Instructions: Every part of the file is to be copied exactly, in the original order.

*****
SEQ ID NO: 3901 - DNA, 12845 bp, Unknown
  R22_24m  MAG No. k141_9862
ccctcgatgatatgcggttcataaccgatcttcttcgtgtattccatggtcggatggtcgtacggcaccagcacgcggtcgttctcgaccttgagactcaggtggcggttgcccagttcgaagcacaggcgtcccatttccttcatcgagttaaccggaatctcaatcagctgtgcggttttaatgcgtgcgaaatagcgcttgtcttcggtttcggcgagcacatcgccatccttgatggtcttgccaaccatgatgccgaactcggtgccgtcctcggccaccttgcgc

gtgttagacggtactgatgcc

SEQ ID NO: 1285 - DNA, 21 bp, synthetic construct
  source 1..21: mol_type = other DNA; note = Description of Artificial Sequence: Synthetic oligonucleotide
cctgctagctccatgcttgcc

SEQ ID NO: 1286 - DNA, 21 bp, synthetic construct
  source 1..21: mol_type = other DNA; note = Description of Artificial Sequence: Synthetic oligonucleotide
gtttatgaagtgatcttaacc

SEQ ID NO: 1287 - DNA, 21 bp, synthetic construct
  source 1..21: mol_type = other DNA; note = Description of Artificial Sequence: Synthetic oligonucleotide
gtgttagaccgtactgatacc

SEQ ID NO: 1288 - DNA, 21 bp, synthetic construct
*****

SEQ ID NO: 3901 - DNA, 12845 bp, Unknown
  R22_24m  MAG No. k141_9862
ccctcgatgatatgcggttcataaccgatcttcttcgtgtattccatggtcggatggtcgtacggcaccagcacgcggtcgttctcgaccttgagactcaggtggcggttgcccagttcgaagcacaggcgtcccatttccttcatcgagttaaccggaatctcaatcagctgtgcggttttaatgcgtgcgaaatagcgcttgtcttcggtttcggcgagcacatcgccatccttgatggtcttgccaaccatgatgccgaactcggtgccgtcctcggccaccttgcgc

gtgttagacggtactgatgcc

SEQ ID NO: 1285 - DNA, 21 bp, synthetic construct
  source 1..21: mol_type = other DNA; note = Description of Artificial Sequence: Synthetic oligonucleotide
cctgctagctccatgcttgcc

SEQ ID NO: 1286 - DNA, 21 bp, synthetic construct
  source 1..21: mol_type = other DNA; note = Description of Artificial Sequence: Synthetic oligonucleotide
gtttatgaagtgatcttaacc

SEQ ID NO: 1287 - DNA, 21 bp, synthetic construct
  source 1..21: mol_type = other DNA; note = Description of Artificial Sequence: Synthetic oligonucleotide
gtgttagaccgtactgatacc

SEQ ID NO: 1288 - DNA, 21 bp, synthetic construct